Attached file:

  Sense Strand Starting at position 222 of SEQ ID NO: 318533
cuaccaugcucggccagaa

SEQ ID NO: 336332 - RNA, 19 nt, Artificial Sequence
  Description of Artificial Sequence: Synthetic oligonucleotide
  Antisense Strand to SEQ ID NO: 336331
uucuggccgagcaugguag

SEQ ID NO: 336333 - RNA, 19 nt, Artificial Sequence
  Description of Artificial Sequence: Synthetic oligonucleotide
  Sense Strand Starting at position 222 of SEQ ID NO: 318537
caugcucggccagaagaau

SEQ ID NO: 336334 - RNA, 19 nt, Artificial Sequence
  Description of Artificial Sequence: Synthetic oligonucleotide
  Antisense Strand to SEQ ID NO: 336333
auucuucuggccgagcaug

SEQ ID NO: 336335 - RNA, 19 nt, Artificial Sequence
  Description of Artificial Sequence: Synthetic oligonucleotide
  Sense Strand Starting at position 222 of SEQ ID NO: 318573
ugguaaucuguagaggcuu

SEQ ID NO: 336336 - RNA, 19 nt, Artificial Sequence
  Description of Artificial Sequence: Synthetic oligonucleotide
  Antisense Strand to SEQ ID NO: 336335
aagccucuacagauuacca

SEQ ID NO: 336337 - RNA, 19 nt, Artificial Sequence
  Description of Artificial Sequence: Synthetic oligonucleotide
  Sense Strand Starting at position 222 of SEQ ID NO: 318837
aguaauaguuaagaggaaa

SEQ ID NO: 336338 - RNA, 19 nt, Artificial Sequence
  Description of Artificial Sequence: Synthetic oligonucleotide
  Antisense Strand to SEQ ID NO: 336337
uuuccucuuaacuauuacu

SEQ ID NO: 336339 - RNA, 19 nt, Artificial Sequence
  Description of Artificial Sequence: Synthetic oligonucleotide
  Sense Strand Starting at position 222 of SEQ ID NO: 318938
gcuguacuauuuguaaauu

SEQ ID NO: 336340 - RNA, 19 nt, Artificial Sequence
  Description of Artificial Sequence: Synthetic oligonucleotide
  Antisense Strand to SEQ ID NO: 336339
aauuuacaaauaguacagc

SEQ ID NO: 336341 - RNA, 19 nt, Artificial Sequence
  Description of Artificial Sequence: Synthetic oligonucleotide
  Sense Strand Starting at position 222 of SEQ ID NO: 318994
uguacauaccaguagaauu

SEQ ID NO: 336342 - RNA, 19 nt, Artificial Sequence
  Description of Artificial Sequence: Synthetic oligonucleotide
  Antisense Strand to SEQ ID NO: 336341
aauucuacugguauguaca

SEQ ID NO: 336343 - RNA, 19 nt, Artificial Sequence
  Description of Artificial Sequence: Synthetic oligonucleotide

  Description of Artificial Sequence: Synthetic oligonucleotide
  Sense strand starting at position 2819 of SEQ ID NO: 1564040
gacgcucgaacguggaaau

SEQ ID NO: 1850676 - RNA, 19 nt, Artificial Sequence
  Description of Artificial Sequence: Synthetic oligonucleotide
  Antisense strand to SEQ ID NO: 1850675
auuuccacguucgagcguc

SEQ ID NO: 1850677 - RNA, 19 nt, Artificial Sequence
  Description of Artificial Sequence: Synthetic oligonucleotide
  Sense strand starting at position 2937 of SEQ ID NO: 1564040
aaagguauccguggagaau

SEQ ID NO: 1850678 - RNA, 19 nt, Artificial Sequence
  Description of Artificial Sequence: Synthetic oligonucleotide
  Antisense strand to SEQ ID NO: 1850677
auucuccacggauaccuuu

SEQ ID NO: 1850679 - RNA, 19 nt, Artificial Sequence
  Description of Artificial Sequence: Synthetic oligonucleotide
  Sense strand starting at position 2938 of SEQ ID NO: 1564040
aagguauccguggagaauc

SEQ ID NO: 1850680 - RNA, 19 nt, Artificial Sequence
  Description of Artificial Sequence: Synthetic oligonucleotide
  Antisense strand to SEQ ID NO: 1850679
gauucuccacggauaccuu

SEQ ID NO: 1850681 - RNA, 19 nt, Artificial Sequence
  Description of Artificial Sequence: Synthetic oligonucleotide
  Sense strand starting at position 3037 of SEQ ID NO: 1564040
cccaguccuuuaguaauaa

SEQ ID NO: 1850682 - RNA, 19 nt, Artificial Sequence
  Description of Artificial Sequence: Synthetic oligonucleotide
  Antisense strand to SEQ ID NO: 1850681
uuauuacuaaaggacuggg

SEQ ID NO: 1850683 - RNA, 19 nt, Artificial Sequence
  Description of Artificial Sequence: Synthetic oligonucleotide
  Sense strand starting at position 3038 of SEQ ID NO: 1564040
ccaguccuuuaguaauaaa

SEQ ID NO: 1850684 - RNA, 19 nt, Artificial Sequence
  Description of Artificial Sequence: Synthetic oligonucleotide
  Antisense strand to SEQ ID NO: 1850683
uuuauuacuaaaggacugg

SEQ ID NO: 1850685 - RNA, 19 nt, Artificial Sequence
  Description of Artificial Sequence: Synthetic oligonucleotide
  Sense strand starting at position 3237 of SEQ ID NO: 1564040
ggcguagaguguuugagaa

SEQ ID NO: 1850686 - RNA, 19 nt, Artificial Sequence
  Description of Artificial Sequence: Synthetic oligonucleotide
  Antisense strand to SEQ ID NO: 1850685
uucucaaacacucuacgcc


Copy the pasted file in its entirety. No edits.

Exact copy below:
  Sense Strand Starting at position 222 of SEQ ID NO: 318533
cuaccaugcucggccagaa

SEQ ID NO: 336332 - RNA, 19 nt, Artificial Sequence
  Description of Artificial Sequence: Synthetic oligonucleotide
  Antisense Strand to SEQ ID NO: 336331
uucuggccgagcaugguag

SEQ ID NO: 336333 - RNA, 19 nt, Artificial Sequence
  Description of Artificial Sequence: Synthetic oligonucleotide
  Sense Strand Starting at position 222 of SEQ ID NO: 318537
caugcucggccagaagaau

SEQ ID NO: 336334 - RNA, 19 nt, Artificial Sequence
  Description of Artificial Sequence: Synthetic oligonucleotide
  Antisense Strand to SEQ ID NO: 336333
auucuucuggccgagcaug

SEQ ID NO: 336335 - RNA, 19 nt, Artificial Sequence
  Description of Artificial Sequence: Synthetic oligonucleotide
  Sense Strand Starting at position 222 of SEQ ID NO: 318573
ugguaaucuguagaggcuu

SEQ ID NO: 336336 - RNA, 19 nt, Artificial Sequence
  Description of Artificial Sequence: Synthetic oligonucleotide
  Antisense Strand to SEQ ID NO: 336335
aagccucuacagauuacca

SEQ ID NO: 336337 - RNA, 19 nt, Artificial Sequence
  Description of Artificial Sequence: Synthetic oligonucleotide
  Sense Strand Starting at position 222 of SEQ ID NO: 318837
aguaauaguuaagaggaaa

SEQ ID NO: 336338 - RNA, 19 nt, Artificial Sequence
  Description of Artificial Sequence: Synthetic oligonucleotide
  Antisense Strand to SEQ ID NO: 336337
uuuccucuuaacuauuacu

SEQ ID NO: 336339 - RNA, 19 nt, Artificial Sequence
  Description of Artificial Sequence: Synthetic oligonucleotide
  Sense Strand Starting at position 222 of SEQ ID NO: 318938
gcuguacuauuuguaaauu

SEQ ID NO: 336340 - RNA, 19 nt, Artificial Sequence
  Description of Artificial Sequence: Synthetic oligonucleotide
  Antisense Strand to SEQ ID NO: 336339
aauuuacaaauaguacagc

SEQ ID NO: 336341 - RNA, 19 nt, Artificial Sequence
  Description of Artificial Sequence: Synthetic oligonucleotide
  Sense Strand Starting at position 222 of SEQ ID NO: 318994
uguacauaccaguagaauu

SEQ ID NO: 336342 - RNA, 19 nt, Artificial Sequence
  Description of Artificial Sequence: Synthetic oligonucleotide
  Antisense Strand to SEQ ID NO: 336341
aauucuacugguauguaca

SEQ ID NO: 336343 - RNA, 19 nt, Artificial Sequence
  Description of Artificial Sequence: Synthetic oligonucleotide

  Description of Artificial Sequence: Synthetic oligonucleotide
  Sense strand starting at position 2819 of SEQ ID NO: 1564040
gacgcucgaacguggaaau

SEQ ID NO: 1850676 - RNA, 19 nt, Artificial Sequence
  Description of Artificial Sequence: Synthetic oligonucleotide
  Antisense strand to SEQ ID NO: 1850675
auuuccacguucgagcguc

SEQ ID NO: 1850677 - RNA, 19 nt, Artificial Sequence
  Description of Artificial Sequence: Synthetic oligonucleotide
  Sense strand starting at position 2937 of SEQ ID NO: 1564040
aaagguauccguggagaau

SEQ ID NO: 1850678 - RNA, 19 nt, Artificial Sequence
  Description of Artificial Sequence: Synthetic oligonucleotide
  Antisense strand to SEQ ID NO: 1850677
auucuccacggauaccuuu

SEQ ID NO: 1850679 - RNA, 19 nt, Artificial Sequence
  Description of Artificial Sequence: Synthetic oligonucleotide
  Sense strand starting at position 2938 of SEQ ID NO: 1564040
aagguauccguggagaauc

SEQ ID NO: 1850680 - RNA, 19 nt, Artificial Sequence
  Description of Artificial Sequence: Synthetic oligonucleotide
  Antisense strand to SEQ ID NO: 1850679
gauucuccacggauaccuu

SEQ ID NO: 1850681 - RNA, 19 nt, Artificial Sequence
  Description of Artificial Sequence: Synthetic oligonucleotide
  Sense strand starting at position 3037 of SEQ ID NO: 1564040
cccaguccuuuaguaauaa

SEQ ID NO: 1850682 - RNA, 19 nt, Artificial Sequence
  Description of Artificial Sequence: Synthetic oligonucleotide
  Antisense strand to SEQ ID NO: 1850681
uuauuacuaaaggacuggg

SEQ ID NO: 1850683 - RNA, 19 nt, Artificial Sequence
  Description of Artificial Sequence: Synthetic oligonucleotide
  Sense strand starting at position 3038 of SEQ ID NO: 1564040
ccaguccuuuaguaauaaa

SEQ ID NO: 1850684 - RNA, 19 nt, Artificial Sequence
  Description of Artificial Sequence: Synthetic oligonucleotide
  Antisense strand to SEQ ID NO: 1850683
uuuauuacuaaaggacugg

SEQ ID NO: 1850685 - RNA, 19 nt, Artificial Sequence
  Description of Artificial Sequence: Synthetic oligonucleotide
  Sense strand starting at position 3237 of SEQ ID NO: 1564040
ggcguagaguguuugagaa

SEQ ID NO: 1850686 - RNA, 19 nt, Artificial Sequence
  Description of Artificial Sequence: Synthetic oligonucleotide
  Antisense strand to SEQ ID NO: 1850685
uucucaaacacucuacgcc